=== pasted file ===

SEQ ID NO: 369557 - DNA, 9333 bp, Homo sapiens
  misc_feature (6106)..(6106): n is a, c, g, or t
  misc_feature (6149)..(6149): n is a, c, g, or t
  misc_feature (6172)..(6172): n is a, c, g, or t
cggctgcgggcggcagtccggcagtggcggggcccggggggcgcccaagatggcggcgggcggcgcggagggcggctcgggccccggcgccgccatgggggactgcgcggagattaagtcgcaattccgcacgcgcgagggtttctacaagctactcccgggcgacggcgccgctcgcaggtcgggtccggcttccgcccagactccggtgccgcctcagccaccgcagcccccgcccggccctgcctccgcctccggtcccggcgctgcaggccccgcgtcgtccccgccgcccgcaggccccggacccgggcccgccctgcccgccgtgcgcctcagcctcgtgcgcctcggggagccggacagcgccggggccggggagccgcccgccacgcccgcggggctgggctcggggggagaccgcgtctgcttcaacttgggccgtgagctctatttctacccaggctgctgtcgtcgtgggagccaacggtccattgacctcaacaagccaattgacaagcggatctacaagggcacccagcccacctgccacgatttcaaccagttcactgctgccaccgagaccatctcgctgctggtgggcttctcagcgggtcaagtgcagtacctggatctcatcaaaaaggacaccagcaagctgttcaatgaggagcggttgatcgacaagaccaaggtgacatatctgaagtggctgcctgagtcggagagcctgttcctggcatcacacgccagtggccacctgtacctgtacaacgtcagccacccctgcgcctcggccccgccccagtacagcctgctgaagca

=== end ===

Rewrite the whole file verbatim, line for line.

SEQ ID NO: 369557 - DNA, 9333 bp, Homo sapiens
  misc_feature (6106)..(6106): n is a, c, g, or t
  misc_feature (6149)..(6149): n is a, c, g, or t
  misc_feature (6172)..(6172): n is a, c, g, or t
cggctgcgggcggcagtccggcagtggcggggcccggggggcgcccaagatggcggcgggcggcgcggagggcggctcgggccccggcgccgccatgggggactgcgcggagattaagtcgcaattccgcacgcgcgagggtttctacaagctactcccgggcgacggcgccgctcgcaggtcgggtccggcttccgcccagactccggtgccgcctcagccaccgcagcccccgcccggccctgcctccgcctccggtcccggcgctgcaggccccgcgtcgtccccgccgcccgcaggccccggacccgggcccgccctgcccgccgtgcgcctcagcctcgtgcgcctcggggagccggacagcgccggggccggggagccgcccgccacgcccgcggggctgggctcggggggagaccgcgtctgcttcaacttgggccgtgagctctatttctacccaggctgctgtcgtcgtgggagccaacggtccattgacctcaacaagccaattgacaagcggatctacaagggcacccagcccacctgccacgatttcaaccagttcactgctgccaccgagaccatctcgctgctggtgggcttctcagcgggtcaagtgcagtacctggatctcatcaaaaaggacaccagcaagctgttcaatgaggagcggttgatcgacaagaccaaggtgacatatctgaagtggctgcctgagtcggagagcctgttcctggcatcacacgccagtggccacctgtacctgtacaacgtcagccacccctgcgcctcggccccgccccagtacagcctgctgaagca